Italian prosecutors seize $10.5 billion from one of Europe's wealthiest families, a judge questions HSBC's agreement with the U.S. Justice Department, and more, in this week's news roundup.
The U.S. Treasury Department is nearing completion of a plan to use predictive analytics software to analyze regulatory data and identify possible financial crimes, an official said Tuesday.
Upgrades to the U.S. Treasury Department's Bank Secrecy Act database will allow the nation's financial intelligence unit to better identify criminal activity indicated in regulatory reports, a governmental auditor said.
Poor anti-money laundering controls on affiliates and problematic oversight allowed a global bank to process tens of trillions of dollars with little to no compliance checks, according to a U.S. Senate subcommittee.
An anti-fraud company backed by several large American financial institutions is asking the U.S. Treasury Department whether it is legally protected to manage a shared database on suspected money launderers.
An effort by the country's financial intelligence unit to take ownership of Bank Secrecy Act data managed by the IRS appears to be on track, according to industry observers and the U.S. Treasury Department.
The U.S. Treasury Department should alter or abandon its plan to collect data on cross-border transactions made through banks and money remitters, in part because of potential data management issues, say banking groups.
A U.S. Treasury Department proposal to amend suspicious activity reporting forms could mean hundreds of thousands of dollars in one-off expenses for some financial institutions, even as the plan streamlines report filing.
Banks will receive fewer law enforcement data requests during the early stages of financial crime investigations as the result of new rules on cross-border transaction reporting, according to the head of the U.S. Treasury Department's financial intelligence unit.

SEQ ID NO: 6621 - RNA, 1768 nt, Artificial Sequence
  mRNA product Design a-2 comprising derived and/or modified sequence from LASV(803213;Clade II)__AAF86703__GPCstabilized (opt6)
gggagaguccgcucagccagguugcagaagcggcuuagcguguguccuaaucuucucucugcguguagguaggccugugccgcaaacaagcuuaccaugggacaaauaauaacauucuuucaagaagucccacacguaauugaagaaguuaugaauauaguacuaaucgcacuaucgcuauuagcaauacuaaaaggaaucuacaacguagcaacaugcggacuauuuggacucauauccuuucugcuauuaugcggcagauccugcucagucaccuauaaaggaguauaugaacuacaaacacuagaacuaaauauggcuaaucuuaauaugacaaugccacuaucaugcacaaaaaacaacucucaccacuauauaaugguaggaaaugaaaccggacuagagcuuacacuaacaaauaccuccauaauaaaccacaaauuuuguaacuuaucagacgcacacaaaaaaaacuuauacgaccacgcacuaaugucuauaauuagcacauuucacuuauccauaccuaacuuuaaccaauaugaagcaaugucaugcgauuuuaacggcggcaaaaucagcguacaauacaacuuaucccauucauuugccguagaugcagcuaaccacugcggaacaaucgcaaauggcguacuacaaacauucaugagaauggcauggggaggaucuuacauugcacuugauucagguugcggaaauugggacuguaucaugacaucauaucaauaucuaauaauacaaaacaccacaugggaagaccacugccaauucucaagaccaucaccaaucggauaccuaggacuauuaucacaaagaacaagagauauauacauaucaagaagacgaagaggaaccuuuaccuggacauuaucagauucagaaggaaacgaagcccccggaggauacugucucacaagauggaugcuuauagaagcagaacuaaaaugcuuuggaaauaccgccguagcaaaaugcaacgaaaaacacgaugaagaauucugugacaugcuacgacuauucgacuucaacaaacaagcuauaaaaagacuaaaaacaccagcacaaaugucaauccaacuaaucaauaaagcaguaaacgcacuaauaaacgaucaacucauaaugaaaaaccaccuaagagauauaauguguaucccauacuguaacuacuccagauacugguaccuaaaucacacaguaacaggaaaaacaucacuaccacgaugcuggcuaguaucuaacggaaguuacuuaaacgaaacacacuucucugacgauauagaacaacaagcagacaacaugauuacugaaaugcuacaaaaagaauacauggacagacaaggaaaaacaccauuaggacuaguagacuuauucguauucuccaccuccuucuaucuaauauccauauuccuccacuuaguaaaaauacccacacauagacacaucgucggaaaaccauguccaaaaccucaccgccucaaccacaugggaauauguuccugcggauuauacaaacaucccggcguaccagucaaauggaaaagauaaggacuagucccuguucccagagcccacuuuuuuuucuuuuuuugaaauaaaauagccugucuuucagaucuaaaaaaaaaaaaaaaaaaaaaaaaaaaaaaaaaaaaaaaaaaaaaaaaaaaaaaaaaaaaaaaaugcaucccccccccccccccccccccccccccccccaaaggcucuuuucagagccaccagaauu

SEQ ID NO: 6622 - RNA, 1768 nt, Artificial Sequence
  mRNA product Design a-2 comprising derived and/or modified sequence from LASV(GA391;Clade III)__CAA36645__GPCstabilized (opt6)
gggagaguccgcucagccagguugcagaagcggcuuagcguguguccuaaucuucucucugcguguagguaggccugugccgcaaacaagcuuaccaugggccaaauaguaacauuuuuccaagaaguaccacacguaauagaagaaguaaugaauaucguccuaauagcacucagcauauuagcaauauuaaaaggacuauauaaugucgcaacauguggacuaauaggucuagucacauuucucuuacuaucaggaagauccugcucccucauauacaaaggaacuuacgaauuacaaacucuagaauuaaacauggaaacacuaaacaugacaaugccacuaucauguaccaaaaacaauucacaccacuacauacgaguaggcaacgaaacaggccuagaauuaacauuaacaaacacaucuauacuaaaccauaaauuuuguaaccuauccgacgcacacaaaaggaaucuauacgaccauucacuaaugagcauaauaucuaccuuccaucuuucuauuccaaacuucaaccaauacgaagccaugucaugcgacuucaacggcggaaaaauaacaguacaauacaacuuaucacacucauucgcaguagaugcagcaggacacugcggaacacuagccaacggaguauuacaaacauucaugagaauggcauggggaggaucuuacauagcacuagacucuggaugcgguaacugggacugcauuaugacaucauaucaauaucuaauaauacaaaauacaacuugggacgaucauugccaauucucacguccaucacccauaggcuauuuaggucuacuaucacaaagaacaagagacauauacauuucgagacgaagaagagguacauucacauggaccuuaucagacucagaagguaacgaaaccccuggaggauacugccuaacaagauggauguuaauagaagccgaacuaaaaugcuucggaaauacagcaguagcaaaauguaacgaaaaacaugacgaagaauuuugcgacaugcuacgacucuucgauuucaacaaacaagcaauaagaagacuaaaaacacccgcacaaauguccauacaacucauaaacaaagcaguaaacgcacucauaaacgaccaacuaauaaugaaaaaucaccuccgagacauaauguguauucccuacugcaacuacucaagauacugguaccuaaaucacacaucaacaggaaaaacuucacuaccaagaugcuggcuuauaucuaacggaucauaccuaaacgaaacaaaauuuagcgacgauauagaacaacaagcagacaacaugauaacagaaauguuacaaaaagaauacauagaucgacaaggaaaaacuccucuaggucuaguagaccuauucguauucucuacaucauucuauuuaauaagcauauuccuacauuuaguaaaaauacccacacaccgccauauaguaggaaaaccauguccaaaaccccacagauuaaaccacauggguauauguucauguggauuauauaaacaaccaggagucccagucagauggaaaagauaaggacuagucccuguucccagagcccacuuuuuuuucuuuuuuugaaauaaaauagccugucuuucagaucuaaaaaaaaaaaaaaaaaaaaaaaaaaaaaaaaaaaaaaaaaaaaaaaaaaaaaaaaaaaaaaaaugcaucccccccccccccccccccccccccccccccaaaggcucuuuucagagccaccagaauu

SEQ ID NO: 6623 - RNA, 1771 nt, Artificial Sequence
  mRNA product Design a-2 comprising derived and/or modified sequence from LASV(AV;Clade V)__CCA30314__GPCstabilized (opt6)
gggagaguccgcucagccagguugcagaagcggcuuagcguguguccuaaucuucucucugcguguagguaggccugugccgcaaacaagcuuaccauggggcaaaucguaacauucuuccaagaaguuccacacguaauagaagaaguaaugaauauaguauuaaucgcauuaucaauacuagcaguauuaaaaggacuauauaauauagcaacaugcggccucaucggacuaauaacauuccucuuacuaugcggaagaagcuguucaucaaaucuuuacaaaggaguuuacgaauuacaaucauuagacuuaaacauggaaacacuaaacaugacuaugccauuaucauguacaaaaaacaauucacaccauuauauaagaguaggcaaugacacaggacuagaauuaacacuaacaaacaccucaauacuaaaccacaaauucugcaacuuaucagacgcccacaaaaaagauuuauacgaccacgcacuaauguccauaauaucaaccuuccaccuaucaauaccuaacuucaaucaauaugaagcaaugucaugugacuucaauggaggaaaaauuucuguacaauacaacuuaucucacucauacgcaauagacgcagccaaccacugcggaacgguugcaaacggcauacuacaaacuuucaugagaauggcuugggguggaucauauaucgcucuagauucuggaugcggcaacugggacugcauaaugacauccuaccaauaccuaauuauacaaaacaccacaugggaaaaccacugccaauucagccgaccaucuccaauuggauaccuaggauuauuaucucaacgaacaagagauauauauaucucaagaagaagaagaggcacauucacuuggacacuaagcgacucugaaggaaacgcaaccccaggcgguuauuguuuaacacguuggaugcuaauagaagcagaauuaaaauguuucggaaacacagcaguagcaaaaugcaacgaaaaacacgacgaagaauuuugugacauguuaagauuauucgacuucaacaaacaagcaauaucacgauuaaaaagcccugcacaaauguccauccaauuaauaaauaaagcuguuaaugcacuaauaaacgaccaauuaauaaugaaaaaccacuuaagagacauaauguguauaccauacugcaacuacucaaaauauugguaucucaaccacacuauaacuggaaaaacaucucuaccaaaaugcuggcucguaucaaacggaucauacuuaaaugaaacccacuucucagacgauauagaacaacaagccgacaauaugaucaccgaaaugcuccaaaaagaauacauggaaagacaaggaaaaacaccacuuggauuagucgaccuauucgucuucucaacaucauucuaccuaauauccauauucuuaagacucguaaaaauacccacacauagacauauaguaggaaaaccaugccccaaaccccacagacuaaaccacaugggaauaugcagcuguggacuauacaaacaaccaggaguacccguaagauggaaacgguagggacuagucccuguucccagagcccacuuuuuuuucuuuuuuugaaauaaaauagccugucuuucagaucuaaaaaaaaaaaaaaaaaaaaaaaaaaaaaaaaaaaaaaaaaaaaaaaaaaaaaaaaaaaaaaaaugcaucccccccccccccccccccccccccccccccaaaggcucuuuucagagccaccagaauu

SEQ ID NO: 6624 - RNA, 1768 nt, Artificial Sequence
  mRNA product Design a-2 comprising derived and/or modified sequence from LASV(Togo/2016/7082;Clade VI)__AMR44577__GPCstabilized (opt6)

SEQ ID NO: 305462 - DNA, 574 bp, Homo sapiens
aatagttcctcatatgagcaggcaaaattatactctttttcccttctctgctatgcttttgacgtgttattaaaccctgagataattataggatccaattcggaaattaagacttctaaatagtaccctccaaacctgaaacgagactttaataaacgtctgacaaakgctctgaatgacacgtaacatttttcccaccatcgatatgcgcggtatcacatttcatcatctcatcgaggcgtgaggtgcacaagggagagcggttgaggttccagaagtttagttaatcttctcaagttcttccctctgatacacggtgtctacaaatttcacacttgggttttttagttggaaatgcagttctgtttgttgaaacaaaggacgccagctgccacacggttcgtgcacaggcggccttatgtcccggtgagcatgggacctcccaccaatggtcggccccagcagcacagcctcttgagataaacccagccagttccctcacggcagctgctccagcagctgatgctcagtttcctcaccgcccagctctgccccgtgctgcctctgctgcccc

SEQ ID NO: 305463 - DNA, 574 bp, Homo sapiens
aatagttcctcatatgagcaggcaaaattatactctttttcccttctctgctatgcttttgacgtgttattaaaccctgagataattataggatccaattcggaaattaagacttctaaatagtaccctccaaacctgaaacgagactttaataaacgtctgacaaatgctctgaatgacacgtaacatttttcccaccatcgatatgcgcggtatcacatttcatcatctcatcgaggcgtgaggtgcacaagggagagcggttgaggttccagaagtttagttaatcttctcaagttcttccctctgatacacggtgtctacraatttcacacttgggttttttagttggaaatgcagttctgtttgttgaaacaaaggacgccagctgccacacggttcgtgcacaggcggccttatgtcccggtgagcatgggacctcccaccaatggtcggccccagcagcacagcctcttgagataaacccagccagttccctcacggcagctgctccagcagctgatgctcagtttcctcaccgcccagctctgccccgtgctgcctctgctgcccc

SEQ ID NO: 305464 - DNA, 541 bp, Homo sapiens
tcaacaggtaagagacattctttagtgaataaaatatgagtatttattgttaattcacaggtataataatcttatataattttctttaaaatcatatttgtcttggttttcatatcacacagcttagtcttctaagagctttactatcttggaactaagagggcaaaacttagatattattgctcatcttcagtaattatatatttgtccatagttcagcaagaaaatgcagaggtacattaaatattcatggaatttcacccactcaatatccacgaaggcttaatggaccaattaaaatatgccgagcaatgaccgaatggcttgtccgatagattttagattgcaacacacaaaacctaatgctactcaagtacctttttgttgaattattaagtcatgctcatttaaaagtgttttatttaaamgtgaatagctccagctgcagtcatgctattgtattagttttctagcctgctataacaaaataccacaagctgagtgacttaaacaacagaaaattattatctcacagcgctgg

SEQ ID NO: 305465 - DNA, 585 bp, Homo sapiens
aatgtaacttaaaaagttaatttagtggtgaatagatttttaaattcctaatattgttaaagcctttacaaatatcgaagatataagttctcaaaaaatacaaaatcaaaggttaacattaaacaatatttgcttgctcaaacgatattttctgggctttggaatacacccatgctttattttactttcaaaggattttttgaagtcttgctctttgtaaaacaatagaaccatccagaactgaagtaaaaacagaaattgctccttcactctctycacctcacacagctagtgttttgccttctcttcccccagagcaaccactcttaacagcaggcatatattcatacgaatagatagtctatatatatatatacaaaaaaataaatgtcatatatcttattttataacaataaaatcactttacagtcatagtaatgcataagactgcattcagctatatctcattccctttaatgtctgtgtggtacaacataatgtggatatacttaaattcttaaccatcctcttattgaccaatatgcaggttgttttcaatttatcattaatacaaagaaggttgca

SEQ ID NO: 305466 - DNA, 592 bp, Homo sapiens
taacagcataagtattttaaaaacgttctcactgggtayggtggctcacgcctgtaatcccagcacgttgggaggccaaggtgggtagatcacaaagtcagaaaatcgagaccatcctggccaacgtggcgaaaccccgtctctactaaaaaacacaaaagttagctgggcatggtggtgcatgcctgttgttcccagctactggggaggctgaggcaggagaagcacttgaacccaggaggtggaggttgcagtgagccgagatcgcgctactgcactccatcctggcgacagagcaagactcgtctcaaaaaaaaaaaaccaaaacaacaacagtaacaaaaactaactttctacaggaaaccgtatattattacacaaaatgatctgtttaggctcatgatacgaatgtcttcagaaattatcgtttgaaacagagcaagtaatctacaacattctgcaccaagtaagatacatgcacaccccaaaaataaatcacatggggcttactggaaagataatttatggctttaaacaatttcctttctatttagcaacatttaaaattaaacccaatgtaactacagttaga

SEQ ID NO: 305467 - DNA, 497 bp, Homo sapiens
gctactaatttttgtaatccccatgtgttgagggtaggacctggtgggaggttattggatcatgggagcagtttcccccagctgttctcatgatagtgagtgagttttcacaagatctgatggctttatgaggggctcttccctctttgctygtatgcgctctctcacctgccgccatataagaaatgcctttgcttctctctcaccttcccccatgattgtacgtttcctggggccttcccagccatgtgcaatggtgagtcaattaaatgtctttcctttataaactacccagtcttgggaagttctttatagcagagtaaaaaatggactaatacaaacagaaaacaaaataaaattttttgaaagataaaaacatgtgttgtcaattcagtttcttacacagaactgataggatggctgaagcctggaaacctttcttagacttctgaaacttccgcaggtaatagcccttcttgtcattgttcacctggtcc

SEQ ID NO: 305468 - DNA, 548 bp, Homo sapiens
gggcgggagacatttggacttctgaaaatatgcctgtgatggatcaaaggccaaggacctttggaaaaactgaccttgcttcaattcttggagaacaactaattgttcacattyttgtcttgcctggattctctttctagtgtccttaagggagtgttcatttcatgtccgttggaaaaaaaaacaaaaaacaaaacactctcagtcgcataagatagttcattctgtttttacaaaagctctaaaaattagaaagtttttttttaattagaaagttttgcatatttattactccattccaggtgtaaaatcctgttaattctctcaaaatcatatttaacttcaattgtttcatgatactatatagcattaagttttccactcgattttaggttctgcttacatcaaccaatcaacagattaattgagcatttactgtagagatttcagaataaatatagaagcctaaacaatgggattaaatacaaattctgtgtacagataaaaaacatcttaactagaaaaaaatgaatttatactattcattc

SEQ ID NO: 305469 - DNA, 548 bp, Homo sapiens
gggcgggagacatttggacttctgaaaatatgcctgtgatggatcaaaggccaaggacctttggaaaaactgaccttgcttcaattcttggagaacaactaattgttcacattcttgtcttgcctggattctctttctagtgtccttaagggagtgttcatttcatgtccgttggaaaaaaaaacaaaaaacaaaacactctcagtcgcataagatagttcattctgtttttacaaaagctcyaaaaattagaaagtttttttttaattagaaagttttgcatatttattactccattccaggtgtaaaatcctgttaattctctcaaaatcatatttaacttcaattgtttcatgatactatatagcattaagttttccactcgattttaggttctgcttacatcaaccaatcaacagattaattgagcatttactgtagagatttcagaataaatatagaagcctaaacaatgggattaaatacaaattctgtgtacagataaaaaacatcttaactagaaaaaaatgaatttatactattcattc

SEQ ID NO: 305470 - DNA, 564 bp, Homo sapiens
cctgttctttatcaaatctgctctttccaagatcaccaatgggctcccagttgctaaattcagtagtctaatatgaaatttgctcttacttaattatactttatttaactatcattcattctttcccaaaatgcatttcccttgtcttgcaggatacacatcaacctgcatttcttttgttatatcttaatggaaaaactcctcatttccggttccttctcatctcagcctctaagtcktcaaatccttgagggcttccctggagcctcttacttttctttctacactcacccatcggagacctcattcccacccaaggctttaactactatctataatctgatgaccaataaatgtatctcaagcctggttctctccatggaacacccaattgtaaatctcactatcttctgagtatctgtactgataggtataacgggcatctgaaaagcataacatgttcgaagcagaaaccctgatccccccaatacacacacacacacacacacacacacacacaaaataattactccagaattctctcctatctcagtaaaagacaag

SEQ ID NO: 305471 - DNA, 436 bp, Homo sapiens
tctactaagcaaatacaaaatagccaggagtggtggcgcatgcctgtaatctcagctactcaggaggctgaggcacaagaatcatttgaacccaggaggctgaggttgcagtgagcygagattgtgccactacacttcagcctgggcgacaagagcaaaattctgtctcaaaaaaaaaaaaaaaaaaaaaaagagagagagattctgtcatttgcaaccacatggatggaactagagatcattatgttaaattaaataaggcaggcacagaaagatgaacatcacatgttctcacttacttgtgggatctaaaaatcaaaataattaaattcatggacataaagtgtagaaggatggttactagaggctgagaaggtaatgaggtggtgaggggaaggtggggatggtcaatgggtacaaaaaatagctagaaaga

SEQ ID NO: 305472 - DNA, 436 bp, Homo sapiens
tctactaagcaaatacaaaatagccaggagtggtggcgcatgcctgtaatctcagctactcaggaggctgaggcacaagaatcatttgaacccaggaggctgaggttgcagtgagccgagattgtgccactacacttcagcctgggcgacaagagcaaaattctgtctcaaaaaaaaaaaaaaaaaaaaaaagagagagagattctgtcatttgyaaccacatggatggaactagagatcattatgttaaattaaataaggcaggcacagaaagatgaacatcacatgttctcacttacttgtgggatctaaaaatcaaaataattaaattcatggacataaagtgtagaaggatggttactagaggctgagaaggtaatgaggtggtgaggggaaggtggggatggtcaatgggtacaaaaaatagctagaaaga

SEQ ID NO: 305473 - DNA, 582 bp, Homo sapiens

The United Kingdom's chief financial regulator fined Royal Bank of Scotland nearly USD $9 million on Tuesday, the agency's largest penalty ever for anti-money laundering and sanctions compliance failures.
The U.S. Treasury Department penalizes a New York bank for transactions tied to Cuba, Italy arrests 300 in a mafia crackdown and the Asia Pacific Money Laundering Group warns of laundering through carbon emissions schemes, in this week's news roundup.
Efforts by the U.S. Treasury Department to get small banks to file their Bank Secrecy Act documents electronically are likely to face stiff resistance despite law enforcement complaints, say consultants.
Banks are revamping their financial intelligence units to tackle not only money laundering but other crimes, including fraud, as part of an effort to rein in expenses, say compliance professionals.
The U.S. Treasury Department wrote off $3.2 million in 2008 from a failed Bank Secrecy Act data mining program, bringing the losses associated with the project to at least $15.4 million.
A proposed U.S. Treasury Department database that would track cross-border funds transfers is too costly and may be harmful to the U.S. payments system, say three banking industry trade groups.
President Bush's proposed budget increase for the U.S. Treasury's Financial Crimes Enforcement Network is meant in part to help fund its Bank Secrecy Act E-Filing and Cross-Border Wire Transfer initiatives.
After spending two years and more than $14 million developing the information retrieval system expected to be the crown jewel of the FinCEN's much-hyped BSA Direct program, the agency on announced that the project would be cancelled.
In one of his first public acts since taking over as director of the Financial Crimes Enforcement Network (FinCEN), Robert W. Werner ordered FinCEN personnel and outside contractors to temporarily stop working on the agencys highly-touted BSA Direct sys